Saturday, August 24, 2013

Nature and Essence, Applied To Marriage

To build on the last post- what is the nature and essence of marriage? It's a big question, and I'm not promising a complete answer in this little blog post, but I do have some ideas based on the ” universal/unique” qualifiers from the previous post.

First, to define nature- in this context, I'm not defining it as anything that comes naturally, anything that happens organically, intuitively, or with ease, or as a common characteristic. I'm using it synonymously with ”essence”- the defining characteristic of something, unique/universal predispositions- that sort of thing. Also by way of definition- I realize that marriage has not always been a single, uniform institution. When I reference marriage here, I am speaking of what would fall into legal/socially acceptable practice in America in the present day.

A brief re-cap- my perception of nature/essence is that, for an attribute to be a defining characteristic of an entity, that attribute must be both unique to that entity and universal in all like entities.

For example- a furry mane is part of the essence and nature of adult male lions, because a mane is both unique to adult male lions and universal among all adult male lions. In the same way, abstract thought is part of the essence of humanity, as it is unique, so far as  I know, to our species, and is universal among healthy, mature humans.

So- what things fall into to the "nature/essence of marriage" category?
1. Sex
I'd give this one a no, because sex is neither unique to marriage nor is it universal or requisite for marriage. Sex is a usual, common characteristic, but it does not meet my standards for essence. One could make the argument that sex would be a part of any healthy marriage of normal, healthy people, but even then, since sex is by no means limited to marriage, it fails the test.

2. Procreation/Co-parenting
No. Procreation, too, fails on both counts- it is not unique to marriage nor is it universal in all marriages.

3. Romantic Love
While it should be a characteristic of marriage, and I would hope would be universal within healthy marriages, it is not unique to marriage. It, too, fails.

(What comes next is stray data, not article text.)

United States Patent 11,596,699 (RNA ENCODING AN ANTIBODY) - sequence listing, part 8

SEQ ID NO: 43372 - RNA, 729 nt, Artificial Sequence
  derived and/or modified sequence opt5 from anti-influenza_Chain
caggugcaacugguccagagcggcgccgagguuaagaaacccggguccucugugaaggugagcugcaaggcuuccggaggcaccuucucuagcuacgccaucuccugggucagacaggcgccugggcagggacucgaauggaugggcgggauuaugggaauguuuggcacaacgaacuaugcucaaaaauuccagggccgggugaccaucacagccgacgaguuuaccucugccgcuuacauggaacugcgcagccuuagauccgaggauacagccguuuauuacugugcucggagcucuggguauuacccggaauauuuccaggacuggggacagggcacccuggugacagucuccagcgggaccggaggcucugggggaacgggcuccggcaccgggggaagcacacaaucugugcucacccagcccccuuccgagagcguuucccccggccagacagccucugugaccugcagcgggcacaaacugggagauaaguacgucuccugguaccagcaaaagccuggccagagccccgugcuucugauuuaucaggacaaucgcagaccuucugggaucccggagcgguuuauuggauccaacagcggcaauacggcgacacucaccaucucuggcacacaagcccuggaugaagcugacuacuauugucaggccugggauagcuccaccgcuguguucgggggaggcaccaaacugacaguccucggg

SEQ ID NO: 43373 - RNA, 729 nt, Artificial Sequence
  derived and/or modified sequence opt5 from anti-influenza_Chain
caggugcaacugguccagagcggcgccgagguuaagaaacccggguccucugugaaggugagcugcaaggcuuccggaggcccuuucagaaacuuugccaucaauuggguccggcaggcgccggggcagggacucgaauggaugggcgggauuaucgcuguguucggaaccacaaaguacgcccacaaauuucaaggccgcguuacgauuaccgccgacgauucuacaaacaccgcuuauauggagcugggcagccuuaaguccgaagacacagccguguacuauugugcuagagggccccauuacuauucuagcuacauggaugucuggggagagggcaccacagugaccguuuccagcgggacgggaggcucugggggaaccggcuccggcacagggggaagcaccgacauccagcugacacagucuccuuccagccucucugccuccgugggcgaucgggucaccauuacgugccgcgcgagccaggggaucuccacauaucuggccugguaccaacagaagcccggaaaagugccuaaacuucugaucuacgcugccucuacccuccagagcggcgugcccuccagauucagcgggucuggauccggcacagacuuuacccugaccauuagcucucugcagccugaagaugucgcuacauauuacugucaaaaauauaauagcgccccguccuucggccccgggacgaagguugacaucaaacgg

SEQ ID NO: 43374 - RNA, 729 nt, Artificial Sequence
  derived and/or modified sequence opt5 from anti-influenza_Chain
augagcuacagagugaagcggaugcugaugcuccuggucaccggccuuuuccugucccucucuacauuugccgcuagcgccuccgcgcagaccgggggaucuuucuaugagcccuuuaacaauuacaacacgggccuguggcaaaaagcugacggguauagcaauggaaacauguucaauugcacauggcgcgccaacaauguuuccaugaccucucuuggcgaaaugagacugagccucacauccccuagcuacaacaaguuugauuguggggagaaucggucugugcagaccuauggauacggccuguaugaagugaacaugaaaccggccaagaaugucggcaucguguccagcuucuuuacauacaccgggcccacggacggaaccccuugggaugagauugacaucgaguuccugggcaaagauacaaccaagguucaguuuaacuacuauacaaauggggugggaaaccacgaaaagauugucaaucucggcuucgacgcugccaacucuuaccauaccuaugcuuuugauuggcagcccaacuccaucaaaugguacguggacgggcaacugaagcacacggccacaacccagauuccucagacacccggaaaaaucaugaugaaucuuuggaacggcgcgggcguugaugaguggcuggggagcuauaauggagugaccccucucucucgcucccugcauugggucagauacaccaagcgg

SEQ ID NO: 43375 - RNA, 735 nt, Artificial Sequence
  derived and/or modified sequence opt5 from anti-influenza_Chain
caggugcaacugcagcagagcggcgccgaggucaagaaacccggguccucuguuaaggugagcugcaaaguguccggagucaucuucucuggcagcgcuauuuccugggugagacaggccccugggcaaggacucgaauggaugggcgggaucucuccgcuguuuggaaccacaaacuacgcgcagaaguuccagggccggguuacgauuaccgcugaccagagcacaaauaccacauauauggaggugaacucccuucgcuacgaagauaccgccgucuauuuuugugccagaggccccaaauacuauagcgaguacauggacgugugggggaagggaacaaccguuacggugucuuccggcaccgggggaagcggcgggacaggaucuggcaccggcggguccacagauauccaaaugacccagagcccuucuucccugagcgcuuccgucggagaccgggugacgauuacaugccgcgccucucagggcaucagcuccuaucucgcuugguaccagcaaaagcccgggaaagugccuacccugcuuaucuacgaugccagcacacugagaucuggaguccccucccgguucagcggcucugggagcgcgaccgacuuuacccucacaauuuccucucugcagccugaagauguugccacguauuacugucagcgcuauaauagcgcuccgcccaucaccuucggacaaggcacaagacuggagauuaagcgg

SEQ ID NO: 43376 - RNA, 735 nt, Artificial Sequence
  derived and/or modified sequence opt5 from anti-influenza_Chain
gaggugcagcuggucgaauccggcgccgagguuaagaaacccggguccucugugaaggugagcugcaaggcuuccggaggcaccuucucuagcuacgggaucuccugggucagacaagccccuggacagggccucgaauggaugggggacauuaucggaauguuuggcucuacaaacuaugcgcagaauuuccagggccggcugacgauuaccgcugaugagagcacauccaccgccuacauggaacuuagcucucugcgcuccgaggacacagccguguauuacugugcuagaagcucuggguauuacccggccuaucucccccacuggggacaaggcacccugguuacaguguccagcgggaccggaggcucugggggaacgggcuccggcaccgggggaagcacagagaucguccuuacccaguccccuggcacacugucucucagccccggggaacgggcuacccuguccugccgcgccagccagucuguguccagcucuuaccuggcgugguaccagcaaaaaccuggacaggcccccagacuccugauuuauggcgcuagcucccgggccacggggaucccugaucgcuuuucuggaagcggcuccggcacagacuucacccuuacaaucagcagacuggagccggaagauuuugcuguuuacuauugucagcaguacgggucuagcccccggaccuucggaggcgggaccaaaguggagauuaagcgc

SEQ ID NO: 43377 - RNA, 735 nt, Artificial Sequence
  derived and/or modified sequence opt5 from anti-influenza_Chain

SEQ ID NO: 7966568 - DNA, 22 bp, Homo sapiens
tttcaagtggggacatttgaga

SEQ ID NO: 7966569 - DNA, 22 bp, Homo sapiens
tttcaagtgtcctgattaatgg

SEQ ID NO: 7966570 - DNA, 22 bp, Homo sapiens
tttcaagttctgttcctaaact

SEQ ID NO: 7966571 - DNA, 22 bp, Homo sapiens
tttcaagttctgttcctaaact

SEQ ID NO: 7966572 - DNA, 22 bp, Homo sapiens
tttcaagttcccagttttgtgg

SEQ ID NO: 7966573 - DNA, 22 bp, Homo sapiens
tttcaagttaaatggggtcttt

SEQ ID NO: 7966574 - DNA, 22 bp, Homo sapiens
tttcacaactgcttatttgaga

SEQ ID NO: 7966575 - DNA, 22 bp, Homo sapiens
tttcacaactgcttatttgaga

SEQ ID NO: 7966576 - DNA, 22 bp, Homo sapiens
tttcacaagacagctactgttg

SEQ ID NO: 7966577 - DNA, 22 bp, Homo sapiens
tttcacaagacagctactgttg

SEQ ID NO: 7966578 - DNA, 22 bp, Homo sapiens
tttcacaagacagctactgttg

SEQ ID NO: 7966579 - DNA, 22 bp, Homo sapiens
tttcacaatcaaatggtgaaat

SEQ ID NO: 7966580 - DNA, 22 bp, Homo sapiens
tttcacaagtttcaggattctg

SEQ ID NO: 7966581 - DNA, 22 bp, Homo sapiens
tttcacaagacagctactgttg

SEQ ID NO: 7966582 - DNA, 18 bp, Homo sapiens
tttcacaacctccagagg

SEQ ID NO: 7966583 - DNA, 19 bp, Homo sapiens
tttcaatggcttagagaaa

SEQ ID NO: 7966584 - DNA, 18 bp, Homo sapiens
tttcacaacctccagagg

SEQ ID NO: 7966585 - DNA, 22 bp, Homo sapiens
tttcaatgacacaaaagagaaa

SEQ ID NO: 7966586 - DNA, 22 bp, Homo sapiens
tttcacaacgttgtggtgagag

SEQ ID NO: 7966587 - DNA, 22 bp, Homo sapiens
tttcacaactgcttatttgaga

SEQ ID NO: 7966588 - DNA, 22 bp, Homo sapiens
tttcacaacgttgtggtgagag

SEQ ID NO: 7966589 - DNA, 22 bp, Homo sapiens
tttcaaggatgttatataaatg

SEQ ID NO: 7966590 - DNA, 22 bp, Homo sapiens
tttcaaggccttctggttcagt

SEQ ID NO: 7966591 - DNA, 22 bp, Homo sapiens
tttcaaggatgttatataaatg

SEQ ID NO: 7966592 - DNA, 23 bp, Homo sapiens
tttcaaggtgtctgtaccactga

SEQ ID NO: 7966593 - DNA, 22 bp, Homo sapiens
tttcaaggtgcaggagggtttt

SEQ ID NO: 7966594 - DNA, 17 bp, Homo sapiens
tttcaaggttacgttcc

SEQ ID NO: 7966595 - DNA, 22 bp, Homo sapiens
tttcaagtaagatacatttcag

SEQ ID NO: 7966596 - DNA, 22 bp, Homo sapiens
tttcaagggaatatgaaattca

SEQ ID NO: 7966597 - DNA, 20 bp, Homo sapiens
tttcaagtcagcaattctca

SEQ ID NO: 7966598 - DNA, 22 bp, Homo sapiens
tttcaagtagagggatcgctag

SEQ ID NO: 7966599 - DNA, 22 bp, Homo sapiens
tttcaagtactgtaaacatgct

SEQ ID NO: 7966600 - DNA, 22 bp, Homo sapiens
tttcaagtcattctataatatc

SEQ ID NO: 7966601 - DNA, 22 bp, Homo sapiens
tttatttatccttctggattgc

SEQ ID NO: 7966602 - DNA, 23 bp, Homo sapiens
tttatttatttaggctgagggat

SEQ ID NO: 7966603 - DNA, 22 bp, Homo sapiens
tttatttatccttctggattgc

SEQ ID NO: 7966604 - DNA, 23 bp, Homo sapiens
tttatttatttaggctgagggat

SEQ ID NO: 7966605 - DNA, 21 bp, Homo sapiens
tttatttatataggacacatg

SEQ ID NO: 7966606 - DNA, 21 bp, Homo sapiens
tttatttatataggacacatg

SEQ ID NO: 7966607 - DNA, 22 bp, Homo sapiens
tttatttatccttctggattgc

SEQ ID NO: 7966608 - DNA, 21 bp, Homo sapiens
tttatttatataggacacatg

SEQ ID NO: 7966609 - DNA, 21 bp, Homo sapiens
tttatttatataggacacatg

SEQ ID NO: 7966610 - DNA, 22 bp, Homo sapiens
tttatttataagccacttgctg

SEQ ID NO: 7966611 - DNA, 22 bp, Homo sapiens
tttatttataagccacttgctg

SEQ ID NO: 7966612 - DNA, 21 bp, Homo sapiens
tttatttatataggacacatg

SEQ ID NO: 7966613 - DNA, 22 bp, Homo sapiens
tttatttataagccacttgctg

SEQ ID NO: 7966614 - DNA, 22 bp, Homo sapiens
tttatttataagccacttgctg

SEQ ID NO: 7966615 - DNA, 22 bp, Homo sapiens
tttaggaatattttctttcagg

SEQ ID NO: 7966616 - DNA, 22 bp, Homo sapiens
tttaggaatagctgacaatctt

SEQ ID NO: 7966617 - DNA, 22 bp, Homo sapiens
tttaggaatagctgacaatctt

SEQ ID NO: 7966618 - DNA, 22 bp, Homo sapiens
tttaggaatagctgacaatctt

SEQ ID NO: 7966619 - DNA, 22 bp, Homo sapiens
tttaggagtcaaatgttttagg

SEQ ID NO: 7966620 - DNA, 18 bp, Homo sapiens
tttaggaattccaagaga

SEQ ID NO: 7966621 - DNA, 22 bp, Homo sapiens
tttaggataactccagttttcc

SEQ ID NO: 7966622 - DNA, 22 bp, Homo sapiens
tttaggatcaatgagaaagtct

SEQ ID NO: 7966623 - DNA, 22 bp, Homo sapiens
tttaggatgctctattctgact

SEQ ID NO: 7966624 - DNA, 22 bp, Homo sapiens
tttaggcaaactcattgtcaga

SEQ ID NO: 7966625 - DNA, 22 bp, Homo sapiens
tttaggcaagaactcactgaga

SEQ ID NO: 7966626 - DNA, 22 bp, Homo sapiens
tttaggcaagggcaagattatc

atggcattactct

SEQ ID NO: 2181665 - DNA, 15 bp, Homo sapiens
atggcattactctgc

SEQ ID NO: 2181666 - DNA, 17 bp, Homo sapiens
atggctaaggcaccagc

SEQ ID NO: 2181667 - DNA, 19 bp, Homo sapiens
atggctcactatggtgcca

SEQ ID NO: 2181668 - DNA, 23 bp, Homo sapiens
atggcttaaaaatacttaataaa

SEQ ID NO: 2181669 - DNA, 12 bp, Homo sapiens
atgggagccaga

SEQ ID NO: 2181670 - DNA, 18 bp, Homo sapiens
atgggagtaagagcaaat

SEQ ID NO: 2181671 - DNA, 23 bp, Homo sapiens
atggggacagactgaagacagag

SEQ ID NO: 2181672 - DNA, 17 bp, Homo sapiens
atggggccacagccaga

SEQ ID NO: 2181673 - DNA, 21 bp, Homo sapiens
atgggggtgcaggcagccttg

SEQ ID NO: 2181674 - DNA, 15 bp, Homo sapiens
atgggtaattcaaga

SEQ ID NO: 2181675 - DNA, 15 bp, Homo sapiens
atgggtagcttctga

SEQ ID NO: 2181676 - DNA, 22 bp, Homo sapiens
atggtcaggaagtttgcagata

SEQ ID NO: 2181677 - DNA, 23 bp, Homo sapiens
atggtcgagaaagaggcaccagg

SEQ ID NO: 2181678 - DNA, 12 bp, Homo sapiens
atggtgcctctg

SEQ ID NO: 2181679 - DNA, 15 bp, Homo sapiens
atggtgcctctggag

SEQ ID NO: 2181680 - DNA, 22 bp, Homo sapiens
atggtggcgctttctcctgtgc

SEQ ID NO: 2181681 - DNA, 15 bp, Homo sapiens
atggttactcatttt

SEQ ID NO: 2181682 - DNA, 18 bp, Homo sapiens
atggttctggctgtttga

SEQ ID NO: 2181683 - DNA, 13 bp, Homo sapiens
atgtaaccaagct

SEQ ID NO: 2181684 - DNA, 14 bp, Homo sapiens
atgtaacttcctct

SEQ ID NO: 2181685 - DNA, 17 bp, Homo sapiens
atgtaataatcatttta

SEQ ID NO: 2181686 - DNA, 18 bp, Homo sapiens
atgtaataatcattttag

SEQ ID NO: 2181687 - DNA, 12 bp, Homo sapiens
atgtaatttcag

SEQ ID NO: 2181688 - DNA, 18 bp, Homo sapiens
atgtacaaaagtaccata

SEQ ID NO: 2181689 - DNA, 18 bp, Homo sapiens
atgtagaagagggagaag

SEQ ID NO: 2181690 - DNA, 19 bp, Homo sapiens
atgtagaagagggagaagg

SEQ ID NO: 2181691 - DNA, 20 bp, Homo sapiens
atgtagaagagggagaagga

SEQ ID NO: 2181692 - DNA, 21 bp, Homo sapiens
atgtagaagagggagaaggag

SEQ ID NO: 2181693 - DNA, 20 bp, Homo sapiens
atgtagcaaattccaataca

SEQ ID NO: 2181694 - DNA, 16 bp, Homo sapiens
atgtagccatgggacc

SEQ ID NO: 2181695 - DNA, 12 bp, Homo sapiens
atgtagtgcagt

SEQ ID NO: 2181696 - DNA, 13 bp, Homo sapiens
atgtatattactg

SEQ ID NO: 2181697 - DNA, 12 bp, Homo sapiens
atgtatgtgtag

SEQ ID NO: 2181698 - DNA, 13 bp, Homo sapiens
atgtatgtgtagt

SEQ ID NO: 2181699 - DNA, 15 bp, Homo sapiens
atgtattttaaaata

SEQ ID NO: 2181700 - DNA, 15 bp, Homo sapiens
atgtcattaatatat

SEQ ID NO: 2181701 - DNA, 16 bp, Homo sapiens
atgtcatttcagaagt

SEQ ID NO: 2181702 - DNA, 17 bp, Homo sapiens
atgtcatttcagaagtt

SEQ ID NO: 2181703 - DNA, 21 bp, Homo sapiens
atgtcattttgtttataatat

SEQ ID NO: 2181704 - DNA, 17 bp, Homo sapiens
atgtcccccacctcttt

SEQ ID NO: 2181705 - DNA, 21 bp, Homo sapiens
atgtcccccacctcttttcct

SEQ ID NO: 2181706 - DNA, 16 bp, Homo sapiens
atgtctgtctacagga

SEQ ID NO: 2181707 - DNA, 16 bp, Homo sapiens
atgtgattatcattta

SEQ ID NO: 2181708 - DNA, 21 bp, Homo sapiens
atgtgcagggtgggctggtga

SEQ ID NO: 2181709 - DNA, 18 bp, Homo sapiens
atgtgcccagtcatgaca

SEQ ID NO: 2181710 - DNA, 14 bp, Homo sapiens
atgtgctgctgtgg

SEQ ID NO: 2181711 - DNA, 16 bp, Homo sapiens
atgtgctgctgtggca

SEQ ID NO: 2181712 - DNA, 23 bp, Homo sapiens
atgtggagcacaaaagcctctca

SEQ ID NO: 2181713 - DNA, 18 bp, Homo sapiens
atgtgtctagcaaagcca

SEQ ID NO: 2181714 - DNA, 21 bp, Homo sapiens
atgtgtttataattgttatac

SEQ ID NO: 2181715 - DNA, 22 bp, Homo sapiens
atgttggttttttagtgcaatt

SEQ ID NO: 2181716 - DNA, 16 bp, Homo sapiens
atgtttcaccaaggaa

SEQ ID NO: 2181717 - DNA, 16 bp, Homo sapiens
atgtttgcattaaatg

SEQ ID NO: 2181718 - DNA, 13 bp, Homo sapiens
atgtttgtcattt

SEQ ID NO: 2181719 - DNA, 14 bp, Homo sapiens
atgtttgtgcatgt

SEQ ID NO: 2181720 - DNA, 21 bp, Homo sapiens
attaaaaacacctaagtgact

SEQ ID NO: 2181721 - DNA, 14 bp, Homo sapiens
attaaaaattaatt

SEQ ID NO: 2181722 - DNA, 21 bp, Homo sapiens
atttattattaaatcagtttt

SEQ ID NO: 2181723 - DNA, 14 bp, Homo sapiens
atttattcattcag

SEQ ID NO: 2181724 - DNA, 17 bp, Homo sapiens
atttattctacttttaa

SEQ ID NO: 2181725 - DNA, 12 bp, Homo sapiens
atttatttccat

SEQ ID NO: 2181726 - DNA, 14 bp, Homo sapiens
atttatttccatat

4. Mutual Commitment based on an Ideal of Affection
While personal commitment can exist outside of marriage, long term legally and socially ratified commitment is both universal to marriages and unique to marriage. So, I would say that long term legal and social commitment is part of the essence of marriage.

5. Legal benefits/Tax status/next of kin rights/etc
Unique/universal? Yes. No other relationship or institution offers the same legal benefits in this country as does marriage.

6. Religious/Social benefits
Many religions offer benefits/considerations to married couples that they do not offer to the unmarried. Those benefits are universal to all married couples (such as allowing more public affection, endorsing sex and cohabitation, etc) and are uniquely offered to married couples. Here, again, I'd say yes, depending on the religious tradition. (Some treat married and unmarried people alike, but I think that that is not the norm) Likewise with various social groups.

7. Financial benefits (excluding taxes, which fall into number 5)
This would be a no, because cohabitation offers all of the same benefits as does marriage, outside of tax/legal benefits, for a reduction of expenses and the convenience of shared finances. (Unmarried people can share a home, bank accounts, etc)

8. Support of an equal partner/Independence mingled with deep community
While this should certainly be a part of any marriage, it is not unique to marriage

9. Friendship/Companionship
Universal, yes, unique, no.

10. Limited in number- only two people
Universal, yes, unique, no.

So..... it seems, outside of matrimony based on biblical dictates, that the defining characteristics of marriage are legal, socially recognized commitment, presumably springing from affection for the other party, various legal benefits, and various social/religious benefits. Additional characteristics which should be part of marriage but are not central to its definition include sex, financial benefits, friendship/companionship, romantic love, and the option of procreation/co-parenting. Thus, in our society, marriage is a legal, social, and if applicable religious contract/commitment, based on assumed romantic affection between two parties. This is what sets marriage apart from cohabitation or platonic friendship, and this is what we should focus on when we talk about what is or is not ok in the context of legalizing same-sex marriage, for example. With the definition above, gender and sexual orientation does not even play a role, outside of the religious aspect of the contract.

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